The provenance of Jones and Stone is interesting. Alex Jones has a radio show called “Infowars” that shares about 90 percent of the talking points of Mike Whitney, Eric Draitser, Pepe Escobar and Andre Vltchek—in other words, the far reaches of the Baathist amen corner. Despite his affinity with them, it is doubtful that CounterPunch would ever publish Jones because he is an out-and-out rightwinger. Unlike Paul Craig Roberts, who does appear regularly on CounterPunch, Jones is qualitatively more toxic. If anything would shut the door on him, it is his heavy promotion of 9/11 conspiracy theories of the kind that Alexander Cockburn despised. This is not to speak of his pro-cop broadcasts, including one that just appeared–“The Case for Blue Lives Matter”.

Roger Stone is as colorful a character as Jones. He got involved with Richard Nixon’s Committee to Re-Elect the President in 1972 when he was a student at George Washington University. One of his “dirty tricks” was donating money to Nixon’s presidential primaries rival in the name of the Young Socialist Alliance, the Trotskyist youth group I joined in 1967. He then took the receipt and released it to the ultraright Manchester Union-Leader to scandalize Nixon’s rival. So devoted was Stone to Nixon’s way of doing business that he had his face tattooed on the back of his neck.

Stone was a lobbyist for Trump for many years, promoting his casino businesses. This is probably how the connection was made to Paul Manafort, who is now Trump’s chief adviser. Stone and Manfort hooked up with Charlie Black to form the consulting firm of Black, Manafort and Stone in 1985. Black is as creepy as Stone, having founded the National Conservative Political Action Committee (NCPAC) in 1975.

Stone became Donald Trump’s first chief adviser and served until August 8, 2015. Trump fired him for unspecified reasons, only tweeting “I terminated Roger Stone last night because he no longer serves a useful function for my campaign. I really don’t want publicity seekers who want to be on magazines or who are out for themselves. This campaign is not about them. It’s about victory and making America great again.”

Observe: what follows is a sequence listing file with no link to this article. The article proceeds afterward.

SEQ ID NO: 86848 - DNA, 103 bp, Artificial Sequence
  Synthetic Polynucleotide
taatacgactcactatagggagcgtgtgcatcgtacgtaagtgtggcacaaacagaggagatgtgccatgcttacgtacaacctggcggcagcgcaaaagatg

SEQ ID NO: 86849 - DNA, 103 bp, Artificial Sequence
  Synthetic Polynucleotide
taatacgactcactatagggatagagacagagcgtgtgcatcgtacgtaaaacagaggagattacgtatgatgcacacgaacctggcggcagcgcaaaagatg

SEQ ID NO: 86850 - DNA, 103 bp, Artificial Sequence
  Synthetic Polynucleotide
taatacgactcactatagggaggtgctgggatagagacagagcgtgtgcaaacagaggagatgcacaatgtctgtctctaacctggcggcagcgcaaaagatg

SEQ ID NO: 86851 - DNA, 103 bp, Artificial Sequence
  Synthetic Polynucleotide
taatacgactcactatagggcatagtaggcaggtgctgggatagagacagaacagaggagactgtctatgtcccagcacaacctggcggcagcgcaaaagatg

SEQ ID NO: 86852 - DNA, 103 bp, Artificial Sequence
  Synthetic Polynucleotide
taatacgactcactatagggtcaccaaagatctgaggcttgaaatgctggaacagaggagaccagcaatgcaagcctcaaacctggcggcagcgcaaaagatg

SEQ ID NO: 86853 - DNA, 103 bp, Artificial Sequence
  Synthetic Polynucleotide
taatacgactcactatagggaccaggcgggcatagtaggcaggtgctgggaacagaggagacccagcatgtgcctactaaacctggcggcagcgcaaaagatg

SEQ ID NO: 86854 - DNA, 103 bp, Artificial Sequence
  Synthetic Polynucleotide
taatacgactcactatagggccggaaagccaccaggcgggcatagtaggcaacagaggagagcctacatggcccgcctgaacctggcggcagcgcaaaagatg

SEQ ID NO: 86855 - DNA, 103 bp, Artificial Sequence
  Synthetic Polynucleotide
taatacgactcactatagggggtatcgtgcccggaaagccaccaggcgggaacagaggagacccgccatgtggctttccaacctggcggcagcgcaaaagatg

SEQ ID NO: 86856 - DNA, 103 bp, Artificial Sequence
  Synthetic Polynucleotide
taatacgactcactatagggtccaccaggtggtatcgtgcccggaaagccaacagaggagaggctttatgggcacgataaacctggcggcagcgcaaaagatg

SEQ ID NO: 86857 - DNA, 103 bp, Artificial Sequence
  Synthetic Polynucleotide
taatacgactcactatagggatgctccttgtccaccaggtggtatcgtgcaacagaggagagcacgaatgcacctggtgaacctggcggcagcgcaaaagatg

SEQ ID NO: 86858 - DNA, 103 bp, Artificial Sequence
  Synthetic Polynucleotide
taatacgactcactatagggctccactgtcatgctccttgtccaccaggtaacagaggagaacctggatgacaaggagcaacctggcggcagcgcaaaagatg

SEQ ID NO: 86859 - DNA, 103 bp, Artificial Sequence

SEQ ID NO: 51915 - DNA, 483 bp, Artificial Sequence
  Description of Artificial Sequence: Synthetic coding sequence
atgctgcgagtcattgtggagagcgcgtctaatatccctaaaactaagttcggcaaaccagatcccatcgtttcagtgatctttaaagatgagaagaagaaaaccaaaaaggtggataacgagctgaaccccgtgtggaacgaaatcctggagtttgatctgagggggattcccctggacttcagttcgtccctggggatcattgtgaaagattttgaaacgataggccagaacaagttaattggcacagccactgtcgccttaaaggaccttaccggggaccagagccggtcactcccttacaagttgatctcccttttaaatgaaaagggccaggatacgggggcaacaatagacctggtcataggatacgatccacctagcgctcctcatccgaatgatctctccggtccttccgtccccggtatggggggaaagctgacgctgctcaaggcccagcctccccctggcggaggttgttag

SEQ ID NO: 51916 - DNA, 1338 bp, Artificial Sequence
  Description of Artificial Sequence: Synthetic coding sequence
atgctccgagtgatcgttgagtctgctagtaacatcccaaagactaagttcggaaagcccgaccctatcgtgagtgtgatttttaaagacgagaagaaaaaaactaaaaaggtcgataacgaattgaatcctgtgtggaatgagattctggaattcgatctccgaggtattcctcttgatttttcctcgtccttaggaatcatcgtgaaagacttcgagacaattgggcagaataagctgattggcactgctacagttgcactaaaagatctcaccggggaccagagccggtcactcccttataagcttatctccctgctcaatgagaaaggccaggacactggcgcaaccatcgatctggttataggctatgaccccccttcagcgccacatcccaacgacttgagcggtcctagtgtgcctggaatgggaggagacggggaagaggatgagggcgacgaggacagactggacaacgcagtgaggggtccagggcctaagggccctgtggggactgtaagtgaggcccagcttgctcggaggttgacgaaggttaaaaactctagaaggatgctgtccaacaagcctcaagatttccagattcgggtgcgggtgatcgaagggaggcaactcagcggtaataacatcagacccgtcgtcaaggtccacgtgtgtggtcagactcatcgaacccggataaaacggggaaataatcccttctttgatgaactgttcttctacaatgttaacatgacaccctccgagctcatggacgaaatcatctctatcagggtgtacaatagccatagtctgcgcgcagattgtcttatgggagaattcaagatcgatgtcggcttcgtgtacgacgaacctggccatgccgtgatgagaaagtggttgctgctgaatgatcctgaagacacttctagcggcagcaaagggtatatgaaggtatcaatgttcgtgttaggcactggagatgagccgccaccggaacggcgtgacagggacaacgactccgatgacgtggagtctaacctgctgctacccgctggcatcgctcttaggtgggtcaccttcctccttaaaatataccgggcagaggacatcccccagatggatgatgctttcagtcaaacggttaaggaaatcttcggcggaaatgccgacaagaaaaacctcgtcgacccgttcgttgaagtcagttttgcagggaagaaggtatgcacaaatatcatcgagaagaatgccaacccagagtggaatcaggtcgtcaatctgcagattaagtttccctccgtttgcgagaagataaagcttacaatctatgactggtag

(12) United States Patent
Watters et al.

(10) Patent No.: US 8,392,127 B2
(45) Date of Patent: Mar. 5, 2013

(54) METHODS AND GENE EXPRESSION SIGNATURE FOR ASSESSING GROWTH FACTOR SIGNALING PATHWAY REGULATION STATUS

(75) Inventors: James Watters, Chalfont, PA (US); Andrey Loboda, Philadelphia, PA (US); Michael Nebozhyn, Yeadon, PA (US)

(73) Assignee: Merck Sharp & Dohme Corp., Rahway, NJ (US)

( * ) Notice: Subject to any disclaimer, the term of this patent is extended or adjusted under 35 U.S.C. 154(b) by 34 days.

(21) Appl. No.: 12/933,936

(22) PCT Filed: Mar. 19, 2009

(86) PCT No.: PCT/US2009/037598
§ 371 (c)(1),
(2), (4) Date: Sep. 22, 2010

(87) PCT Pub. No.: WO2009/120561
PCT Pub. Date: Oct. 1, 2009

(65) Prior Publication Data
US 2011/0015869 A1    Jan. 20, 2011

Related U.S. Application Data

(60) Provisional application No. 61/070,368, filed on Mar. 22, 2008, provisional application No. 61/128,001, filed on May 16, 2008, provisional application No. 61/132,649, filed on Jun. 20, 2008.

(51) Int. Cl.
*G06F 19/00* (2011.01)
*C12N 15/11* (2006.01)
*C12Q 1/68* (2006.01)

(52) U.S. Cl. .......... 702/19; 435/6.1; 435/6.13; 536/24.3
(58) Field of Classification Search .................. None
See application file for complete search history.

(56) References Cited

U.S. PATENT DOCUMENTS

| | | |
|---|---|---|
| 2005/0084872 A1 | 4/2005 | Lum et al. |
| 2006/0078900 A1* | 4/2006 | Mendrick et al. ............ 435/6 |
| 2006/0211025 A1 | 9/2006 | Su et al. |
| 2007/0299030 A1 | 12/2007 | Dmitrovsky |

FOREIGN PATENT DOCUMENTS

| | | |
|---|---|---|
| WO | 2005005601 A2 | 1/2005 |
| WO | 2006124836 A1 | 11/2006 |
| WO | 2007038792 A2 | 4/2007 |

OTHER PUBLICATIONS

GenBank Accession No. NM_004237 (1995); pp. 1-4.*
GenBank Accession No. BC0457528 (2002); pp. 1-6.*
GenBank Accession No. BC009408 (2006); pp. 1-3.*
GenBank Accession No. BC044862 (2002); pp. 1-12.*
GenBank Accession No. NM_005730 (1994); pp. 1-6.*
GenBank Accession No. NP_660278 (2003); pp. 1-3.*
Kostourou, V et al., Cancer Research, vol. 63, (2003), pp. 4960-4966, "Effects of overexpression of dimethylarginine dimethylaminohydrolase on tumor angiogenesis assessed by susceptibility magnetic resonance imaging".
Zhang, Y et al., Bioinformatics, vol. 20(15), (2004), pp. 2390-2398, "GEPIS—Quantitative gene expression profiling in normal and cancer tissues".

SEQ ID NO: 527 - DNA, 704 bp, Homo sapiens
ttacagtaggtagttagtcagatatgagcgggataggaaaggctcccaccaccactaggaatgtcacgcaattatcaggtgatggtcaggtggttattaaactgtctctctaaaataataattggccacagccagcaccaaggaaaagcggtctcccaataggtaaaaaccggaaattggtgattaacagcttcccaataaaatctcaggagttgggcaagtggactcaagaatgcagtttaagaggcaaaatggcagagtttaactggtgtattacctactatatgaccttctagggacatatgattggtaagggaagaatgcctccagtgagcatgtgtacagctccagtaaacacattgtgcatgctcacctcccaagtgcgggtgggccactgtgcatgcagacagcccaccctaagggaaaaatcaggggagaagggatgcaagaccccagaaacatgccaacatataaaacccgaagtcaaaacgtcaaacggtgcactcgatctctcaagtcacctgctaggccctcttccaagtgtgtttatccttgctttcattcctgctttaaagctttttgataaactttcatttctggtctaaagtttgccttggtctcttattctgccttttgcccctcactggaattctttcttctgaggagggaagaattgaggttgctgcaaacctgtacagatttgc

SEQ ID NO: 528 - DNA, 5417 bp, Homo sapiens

Stone remained loyal to Trump even after being fired. There were probably no deep policy differences between the two scumbags since his partner Paul Manafort took over for him. One imagines that Trump decided Stone was a liability because of his big mouth. It was not so much that he disagreed with what he said, only that he was just a bit too obvious on Twitter as the liberal MediaMatters reported:

Donald Trump ally Roger Stone, who was recently banned from CNN for crude attacks on its staff, has tweeted sexist and racist attacks against other members of the media, according to a Media Matters review.

Stone is a notorious “dirty trickster” who recently co-authored The Clintons’ War on Women. The 2015 book is dedicated to — and cites research from — a Holocaust denier who blames a “Jewish plot” for the 9/11 attacks. Stone’s history includes forming an anti-Hillary Clinton group named “C.U.N.T.” during the 2008 election.